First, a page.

7. True, most FAQ’s are usually useless. They either should consist of a few really frequently asked questions or be something more advanced to allow easier search, otherwise reading through a hundred questions list to find the one you need is pointless.

  8. Nice article Stephen. Sometimes i see some FAQ’s on some websites that first half is nothing but repetitive text. I think some people don’t really understand what FAQ’s should be like 🙂

  9. I’m so pleased you all found the article helpful. In response to a few of the comments:

    1. You’re not your audience: I agree, and if it didn’t come across clearly, that was entirely the point. A FAQ can’t be what *WE* want it to be, but what our *AUDIENCE* needs it to be–that’s why we pay attention to the questions they actually ask.

    2. Static vs. Dynamic FAQs: If one has a dynamic page where people submit and can review questions, more like a discussion forum, then it still should be a temporary catchment basin of the questions. Periodically, those questions should get the same thorough examination so that the insight can be plowed back into the overall content strategy.

    So now a question for all of you: Anyone been including the FAQ in your usability testing? What tasks have you used? How has the FAQ fared?

  10. Nice article Stephen and I completely agree with all of your main points. If anything I might be even more harsh on the FAQ and say that its existence points to a failure of the website to communicate your core message. Its a lazy strategy thats more about saying you “have it” but without making it part of the real website.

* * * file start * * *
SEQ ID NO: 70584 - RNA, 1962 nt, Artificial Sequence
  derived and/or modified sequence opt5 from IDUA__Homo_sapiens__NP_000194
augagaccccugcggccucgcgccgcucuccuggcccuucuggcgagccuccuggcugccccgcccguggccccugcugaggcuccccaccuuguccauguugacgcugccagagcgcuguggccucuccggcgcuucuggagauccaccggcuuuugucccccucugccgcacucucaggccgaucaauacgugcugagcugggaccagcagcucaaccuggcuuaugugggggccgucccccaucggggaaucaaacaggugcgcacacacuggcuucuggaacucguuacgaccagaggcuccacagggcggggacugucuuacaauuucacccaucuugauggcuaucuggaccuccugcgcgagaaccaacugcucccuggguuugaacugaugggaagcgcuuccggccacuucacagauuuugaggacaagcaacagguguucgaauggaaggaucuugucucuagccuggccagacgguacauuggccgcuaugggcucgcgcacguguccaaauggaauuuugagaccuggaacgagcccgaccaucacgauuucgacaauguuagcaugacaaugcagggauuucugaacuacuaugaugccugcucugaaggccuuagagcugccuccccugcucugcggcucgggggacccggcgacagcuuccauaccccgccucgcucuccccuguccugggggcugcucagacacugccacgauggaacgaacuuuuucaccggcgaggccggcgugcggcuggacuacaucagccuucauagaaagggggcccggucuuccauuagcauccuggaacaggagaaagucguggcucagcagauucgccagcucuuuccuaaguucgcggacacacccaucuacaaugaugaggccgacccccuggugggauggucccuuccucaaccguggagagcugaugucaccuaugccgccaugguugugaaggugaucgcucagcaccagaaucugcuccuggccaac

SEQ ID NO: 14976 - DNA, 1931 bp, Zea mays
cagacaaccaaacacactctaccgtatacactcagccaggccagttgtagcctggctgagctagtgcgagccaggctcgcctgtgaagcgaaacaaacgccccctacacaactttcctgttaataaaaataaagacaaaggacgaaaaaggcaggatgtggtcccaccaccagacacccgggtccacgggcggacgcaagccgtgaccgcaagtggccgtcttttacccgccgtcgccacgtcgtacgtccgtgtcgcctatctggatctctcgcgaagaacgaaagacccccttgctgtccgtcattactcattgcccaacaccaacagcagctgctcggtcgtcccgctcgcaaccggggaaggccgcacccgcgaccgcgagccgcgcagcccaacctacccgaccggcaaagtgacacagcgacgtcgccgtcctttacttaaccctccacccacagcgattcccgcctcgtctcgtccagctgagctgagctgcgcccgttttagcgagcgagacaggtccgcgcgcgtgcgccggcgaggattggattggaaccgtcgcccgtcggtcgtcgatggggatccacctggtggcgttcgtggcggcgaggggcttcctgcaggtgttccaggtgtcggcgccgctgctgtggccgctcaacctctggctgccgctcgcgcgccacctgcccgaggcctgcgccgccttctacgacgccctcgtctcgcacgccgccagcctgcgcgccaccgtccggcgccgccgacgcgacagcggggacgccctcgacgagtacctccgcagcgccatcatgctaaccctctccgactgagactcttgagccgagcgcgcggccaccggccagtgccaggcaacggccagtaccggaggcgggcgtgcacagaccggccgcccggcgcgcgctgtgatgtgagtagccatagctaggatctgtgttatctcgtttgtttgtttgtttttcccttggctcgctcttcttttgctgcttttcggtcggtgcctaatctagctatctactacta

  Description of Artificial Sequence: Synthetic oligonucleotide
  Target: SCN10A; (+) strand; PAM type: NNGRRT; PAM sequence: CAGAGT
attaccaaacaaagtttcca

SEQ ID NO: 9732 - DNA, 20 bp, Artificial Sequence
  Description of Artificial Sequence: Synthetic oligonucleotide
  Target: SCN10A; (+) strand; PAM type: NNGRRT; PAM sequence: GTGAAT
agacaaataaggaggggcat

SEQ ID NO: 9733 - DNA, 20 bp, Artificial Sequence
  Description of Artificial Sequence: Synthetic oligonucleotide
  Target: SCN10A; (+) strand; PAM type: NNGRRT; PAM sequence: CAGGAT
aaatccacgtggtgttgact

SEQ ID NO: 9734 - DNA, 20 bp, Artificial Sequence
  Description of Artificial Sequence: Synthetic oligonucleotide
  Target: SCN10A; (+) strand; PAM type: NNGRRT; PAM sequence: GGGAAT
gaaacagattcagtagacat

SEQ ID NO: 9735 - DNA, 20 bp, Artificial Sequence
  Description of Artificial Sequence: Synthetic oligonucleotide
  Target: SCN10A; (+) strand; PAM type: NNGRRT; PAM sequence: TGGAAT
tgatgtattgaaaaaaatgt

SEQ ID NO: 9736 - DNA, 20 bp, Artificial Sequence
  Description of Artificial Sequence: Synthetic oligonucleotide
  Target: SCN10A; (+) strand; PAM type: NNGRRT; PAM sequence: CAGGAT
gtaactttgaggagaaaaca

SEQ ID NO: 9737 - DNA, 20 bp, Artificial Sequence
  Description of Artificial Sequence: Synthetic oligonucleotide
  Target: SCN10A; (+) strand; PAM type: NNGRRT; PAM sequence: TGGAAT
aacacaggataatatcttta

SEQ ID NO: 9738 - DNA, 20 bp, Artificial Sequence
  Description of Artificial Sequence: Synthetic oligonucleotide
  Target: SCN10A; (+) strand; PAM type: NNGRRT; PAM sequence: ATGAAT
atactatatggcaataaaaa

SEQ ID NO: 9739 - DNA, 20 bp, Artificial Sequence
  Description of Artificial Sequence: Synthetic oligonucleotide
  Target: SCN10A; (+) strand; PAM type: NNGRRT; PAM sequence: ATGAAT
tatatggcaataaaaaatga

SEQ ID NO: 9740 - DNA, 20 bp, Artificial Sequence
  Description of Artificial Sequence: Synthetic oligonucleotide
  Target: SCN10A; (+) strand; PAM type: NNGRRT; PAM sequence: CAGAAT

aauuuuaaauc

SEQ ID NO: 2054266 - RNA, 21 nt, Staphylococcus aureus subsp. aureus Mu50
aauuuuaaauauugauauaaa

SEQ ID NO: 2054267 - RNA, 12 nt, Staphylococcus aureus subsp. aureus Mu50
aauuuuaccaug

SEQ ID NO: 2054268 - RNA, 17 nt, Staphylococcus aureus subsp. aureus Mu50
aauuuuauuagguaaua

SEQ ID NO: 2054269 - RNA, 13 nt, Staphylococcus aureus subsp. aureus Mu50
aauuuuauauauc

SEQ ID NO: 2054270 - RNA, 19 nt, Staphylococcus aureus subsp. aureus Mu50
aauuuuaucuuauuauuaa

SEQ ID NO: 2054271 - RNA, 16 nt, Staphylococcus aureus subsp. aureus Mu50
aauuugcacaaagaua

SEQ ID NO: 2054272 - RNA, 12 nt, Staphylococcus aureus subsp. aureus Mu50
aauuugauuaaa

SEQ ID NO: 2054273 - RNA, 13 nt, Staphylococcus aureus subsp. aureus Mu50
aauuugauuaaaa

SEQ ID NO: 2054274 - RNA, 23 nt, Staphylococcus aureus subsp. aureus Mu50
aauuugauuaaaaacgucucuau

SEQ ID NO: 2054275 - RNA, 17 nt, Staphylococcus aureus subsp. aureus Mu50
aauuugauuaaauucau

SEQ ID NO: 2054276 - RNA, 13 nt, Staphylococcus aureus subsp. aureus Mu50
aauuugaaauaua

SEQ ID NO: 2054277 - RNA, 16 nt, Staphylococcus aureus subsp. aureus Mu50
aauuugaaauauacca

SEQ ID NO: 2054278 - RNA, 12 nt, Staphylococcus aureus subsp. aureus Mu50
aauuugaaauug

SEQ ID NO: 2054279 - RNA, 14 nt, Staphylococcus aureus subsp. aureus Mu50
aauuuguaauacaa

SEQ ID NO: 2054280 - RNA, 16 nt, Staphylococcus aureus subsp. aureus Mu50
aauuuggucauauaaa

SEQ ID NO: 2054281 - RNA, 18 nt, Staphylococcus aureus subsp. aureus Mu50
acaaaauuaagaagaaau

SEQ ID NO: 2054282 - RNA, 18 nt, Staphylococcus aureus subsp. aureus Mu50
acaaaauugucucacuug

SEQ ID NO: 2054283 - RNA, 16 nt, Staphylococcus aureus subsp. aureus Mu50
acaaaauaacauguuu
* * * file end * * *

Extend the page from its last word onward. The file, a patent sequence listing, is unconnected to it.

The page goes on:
11. Thanks, Chris–well, you know, the original draft of the article WAS rather harsher on FAQs, but I recognized the editors’ wisdom in softening it somewhat. 🙂

  12. The article and comments have covered most of my reasons for hating FAQs. But a couple of other points:

    1 People can’t even spell FAQs writing FAQ’s or even FAQ’S. At this appears ontheir home page.

    2 So many FAQs start with What, When, Why, How, How many or Where. This means that when I am faced with a longish list of FAQs I have to read the whole question. I have often come across this.
    However if the question is a useful heading in well written text, the important words would have jumped out at me as I scanned down the page.

    3 In my experience subject matter people say we just have 15 FAQs. Just a short list. Then it grew and grea and grew to 200. They then had to be classified into topics. This took so long. (Let’s face it the reason people want FAQs is that they don’t want to spend time breaking information down by topic.) That was over 7 years ago. Just a couple of months ago I discovered that some still exist because despite promises that they would be merged into policy documents this has not happened. In this case I believe that this could cause legal problems because official policy is so hard to locate.

    4 Questions in FAQs are often too closed. For example imagine you were writing about the rules for residents in an apartment block. People think differently when writing FAQs. In fact they want FAQs so that they can think simply and without wasting time with toomuch detail. Imagine if a resident had suddenly brought a pet goat into their apartment. People with a FAQ mentality would write. “May I keep a goat in my apartment?” Then next week another FAQ is needed: “May I keep a sheep in my apartment?’ and so on. The list could become quite long